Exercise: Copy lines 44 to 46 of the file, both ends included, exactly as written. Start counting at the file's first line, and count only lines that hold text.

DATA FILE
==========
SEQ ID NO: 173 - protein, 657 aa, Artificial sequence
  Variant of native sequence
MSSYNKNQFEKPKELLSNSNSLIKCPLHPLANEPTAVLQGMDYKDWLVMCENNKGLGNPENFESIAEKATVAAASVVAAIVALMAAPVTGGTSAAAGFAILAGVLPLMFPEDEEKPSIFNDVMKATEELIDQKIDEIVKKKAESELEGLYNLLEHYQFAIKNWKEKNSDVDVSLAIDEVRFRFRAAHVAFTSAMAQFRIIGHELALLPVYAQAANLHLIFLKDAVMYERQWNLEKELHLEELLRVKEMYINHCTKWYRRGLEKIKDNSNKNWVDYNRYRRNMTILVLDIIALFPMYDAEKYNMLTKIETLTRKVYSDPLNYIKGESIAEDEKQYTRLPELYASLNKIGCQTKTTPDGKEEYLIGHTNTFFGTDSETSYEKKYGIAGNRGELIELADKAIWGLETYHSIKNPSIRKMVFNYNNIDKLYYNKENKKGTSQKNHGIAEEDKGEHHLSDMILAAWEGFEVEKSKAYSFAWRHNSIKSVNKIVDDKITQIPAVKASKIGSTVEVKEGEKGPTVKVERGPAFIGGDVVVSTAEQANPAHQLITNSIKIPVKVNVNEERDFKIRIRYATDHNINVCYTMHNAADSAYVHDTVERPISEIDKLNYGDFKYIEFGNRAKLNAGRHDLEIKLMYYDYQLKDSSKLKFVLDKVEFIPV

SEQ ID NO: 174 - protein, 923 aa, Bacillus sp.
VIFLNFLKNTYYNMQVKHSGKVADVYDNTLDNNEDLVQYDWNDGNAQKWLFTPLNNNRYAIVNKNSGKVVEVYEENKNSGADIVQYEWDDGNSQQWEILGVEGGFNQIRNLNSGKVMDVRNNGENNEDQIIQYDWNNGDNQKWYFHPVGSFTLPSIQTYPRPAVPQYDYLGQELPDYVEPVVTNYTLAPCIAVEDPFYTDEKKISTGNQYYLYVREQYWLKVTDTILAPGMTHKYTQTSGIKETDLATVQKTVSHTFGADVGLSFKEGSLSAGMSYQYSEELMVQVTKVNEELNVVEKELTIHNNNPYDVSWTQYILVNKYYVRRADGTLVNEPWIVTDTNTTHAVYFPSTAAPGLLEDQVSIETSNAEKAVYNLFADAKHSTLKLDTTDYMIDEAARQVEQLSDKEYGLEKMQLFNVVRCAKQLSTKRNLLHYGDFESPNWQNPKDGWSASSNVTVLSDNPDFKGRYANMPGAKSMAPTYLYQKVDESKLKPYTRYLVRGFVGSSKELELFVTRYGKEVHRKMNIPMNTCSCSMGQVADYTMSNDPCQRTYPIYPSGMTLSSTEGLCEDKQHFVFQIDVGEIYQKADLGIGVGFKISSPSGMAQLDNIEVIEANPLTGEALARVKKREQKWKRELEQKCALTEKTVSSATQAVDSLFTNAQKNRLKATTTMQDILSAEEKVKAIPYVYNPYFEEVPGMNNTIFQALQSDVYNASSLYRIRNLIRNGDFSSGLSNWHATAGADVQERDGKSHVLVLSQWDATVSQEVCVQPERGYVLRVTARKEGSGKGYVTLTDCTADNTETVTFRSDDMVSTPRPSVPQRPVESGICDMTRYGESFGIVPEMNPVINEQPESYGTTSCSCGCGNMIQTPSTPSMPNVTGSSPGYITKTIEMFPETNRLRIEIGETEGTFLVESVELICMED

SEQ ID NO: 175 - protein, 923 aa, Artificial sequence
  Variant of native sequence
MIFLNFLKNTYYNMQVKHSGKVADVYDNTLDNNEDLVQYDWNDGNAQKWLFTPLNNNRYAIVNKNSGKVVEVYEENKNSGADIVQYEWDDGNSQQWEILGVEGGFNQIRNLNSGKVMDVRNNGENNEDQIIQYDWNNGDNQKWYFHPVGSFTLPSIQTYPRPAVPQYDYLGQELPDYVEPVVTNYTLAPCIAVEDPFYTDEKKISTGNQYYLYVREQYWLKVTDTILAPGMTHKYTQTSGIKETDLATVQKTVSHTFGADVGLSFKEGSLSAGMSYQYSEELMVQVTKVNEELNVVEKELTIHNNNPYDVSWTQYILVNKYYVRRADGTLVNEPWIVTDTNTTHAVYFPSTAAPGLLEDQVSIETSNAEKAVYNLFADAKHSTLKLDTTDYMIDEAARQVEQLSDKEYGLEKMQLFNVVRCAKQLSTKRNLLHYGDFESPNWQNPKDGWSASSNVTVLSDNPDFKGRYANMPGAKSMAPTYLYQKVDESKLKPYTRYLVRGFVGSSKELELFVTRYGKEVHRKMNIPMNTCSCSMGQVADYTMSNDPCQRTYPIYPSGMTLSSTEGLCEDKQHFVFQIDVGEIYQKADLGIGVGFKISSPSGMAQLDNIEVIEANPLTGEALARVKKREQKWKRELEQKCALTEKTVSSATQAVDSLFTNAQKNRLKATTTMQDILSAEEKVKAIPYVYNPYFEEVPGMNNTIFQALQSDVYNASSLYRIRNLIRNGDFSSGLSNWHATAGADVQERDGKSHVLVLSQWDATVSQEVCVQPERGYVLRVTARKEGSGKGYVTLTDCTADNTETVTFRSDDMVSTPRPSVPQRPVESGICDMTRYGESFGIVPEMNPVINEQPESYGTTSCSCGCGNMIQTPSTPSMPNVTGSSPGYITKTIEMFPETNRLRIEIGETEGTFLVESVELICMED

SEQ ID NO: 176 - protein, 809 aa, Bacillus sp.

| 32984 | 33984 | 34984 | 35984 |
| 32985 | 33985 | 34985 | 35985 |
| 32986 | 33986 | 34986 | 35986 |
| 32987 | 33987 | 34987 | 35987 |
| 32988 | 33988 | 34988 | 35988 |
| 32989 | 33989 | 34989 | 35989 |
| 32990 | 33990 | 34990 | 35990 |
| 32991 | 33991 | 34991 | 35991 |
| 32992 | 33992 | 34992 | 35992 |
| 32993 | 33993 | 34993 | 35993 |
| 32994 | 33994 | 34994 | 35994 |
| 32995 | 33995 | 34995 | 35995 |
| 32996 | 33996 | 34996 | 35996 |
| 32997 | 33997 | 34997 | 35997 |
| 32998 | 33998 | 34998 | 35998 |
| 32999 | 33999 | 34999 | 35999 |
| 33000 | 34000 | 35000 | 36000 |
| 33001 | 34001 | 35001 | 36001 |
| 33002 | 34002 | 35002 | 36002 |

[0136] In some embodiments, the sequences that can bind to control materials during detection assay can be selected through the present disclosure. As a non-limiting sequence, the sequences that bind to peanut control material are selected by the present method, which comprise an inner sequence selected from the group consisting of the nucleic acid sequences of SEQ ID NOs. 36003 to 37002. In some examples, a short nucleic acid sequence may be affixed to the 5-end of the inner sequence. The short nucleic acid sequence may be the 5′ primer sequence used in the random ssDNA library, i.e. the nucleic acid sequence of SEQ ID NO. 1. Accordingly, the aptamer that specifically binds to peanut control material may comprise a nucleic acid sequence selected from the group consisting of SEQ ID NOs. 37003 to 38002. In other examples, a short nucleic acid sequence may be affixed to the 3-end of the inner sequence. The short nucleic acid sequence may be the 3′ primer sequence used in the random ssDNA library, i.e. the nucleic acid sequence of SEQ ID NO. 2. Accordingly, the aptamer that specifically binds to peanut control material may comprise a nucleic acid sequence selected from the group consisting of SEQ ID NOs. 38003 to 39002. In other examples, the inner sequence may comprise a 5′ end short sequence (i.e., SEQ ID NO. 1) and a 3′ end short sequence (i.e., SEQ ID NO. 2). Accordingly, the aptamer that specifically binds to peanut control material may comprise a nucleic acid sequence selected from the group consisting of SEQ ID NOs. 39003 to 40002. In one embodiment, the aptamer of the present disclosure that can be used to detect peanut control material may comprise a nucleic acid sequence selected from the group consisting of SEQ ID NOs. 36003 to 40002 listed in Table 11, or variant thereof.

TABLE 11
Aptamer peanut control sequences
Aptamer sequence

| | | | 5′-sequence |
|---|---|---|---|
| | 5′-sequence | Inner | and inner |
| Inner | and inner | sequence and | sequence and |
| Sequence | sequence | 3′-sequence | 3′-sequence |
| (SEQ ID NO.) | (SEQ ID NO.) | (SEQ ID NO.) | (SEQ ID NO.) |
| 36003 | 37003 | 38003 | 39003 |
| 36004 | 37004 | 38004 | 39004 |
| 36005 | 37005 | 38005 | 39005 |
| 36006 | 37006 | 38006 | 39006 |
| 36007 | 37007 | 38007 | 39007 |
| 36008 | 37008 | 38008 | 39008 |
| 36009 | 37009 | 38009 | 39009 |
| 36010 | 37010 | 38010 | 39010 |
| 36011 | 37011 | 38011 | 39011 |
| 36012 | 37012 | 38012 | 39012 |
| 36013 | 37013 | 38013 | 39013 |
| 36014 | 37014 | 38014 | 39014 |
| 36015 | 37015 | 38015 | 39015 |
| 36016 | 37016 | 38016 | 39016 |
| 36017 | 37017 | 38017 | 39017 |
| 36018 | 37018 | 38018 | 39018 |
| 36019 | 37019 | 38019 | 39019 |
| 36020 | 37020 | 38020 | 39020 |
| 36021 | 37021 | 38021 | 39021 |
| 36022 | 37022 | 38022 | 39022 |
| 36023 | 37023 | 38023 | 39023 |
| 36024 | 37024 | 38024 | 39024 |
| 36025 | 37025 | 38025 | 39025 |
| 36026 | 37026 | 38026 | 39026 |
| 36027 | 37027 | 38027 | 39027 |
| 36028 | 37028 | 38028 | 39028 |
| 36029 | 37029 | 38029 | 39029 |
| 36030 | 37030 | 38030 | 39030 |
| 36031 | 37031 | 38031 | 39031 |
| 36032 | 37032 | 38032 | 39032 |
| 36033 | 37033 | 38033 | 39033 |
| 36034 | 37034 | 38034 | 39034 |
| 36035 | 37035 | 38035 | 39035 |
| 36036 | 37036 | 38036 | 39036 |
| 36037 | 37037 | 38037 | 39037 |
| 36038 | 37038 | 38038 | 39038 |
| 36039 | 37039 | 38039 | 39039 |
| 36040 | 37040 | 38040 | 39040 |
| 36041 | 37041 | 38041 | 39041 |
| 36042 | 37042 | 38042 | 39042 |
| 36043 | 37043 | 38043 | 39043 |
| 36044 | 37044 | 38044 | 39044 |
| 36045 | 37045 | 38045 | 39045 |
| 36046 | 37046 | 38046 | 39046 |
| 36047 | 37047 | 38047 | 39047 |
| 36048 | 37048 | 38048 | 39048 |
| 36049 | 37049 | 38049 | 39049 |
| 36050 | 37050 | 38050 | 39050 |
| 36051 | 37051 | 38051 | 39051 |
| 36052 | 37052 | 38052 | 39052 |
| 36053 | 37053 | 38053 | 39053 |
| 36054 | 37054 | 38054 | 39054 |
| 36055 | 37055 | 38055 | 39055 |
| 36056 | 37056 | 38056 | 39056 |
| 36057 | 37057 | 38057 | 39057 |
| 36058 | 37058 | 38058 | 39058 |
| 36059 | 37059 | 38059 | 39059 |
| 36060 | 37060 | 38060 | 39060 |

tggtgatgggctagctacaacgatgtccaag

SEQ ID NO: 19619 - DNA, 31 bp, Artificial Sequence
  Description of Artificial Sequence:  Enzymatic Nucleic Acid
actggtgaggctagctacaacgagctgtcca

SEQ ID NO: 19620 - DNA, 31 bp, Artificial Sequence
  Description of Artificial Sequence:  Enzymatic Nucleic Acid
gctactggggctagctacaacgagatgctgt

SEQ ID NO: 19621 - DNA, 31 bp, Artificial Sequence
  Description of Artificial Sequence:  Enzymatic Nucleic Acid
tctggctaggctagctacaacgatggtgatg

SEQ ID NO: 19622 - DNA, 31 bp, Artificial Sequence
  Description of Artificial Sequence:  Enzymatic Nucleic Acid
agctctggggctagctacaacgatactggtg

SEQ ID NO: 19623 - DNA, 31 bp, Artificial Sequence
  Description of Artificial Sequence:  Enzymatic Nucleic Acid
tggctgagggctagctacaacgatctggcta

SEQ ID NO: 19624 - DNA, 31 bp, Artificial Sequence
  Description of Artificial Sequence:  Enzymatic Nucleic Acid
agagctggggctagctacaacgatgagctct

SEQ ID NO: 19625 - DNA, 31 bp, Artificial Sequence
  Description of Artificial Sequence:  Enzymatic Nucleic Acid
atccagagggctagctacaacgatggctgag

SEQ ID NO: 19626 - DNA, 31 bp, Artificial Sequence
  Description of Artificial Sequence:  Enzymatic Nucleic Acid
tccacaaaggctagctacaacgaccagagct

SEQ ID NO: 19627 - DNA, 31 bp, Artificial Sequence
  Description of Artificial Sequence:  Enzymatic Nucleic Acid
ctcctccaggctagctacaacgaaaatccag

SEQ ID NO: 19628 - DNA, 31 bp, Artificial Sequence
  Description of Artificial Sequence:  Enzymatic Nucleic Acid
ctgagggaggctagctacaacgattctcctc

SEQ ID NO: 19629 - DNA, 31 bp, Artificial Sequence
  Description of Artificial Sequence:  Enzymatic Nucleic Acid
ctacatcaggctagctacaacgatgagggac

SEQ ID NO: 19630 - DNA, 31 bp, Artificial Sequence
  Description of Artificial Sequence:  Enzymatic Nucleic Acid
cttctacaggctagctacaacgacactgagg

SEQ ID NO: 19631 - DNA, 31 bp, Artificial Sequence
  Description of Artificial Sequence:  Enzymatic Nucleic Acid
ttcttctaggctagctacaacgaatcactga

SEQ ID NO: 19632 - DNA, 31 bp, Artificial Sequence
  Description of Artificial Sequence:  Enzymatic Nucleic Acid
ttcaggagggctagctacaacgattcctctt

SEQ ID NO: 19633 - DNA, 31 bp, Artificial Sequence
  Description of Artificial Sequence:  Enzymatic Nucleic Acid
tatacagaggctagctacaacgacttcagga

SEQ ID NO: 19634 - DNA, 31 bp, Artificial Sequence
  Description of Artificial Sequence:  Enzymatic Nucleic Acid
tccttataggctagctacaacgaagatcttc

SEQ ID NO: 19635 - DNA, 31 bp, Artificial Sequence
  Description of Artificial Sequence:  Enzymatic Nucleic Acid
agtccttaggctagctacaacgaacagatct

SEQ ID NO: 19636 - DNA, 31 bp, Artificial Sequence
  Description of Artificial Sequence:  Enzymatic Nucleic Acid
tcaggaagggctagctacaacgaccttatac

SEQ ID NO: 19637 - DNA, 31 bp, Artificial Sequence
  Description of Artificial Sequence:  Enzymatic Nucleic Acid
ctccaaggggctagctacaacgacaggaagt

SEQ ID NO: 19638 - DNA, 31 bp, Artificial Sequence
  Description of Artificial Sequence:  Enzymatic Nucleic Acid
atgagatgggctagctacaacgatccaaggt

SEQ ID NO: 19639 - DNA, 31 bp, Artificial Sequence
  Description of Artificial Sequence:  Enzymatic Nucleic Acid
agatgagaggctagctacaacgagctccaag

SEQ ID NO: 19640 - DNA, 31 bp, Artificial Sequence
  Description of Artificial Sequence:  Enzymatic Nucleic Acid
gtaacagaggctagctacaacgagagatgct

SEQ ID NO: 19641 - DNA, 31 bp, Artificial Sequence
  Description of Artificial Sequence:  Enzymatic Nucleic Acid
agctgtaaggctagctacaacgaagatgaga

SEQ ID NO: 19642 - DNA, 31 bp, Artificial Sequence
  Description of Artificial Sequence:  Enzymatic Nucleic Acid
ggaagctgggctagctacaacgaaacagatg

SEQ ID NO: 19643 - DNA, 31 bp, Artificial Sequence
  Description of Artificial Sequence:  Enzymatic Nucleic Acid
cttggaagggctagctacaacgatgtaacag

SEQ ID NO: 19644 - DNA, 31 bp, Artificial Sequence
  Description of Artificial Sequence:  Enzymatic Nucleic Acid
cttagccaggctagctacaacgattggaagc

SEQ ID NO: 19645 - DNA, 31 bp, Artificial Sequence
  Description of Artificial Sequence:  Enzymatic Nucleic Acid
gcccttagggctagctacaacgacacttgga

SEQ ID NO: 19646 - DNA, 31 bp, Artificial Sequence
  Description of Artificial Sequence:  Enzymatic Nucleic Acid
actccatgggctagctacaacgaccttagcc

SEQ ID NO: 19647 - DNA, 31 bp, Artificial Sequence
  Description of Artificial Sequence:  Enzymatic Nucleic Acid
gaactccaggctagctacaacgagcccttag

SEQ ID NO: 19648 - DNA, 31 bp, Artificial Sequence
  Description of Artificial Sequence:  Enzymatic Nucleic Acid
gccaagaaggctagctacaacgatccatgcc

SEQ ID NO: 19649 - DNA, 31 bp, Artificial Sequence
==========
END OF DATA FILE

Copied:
| 36008 | 37008 | 38008 | 39008 |
| 36009 | 37009 | 38009 | 39009 |
| 36010 | 37010 | 38010 | 39010 |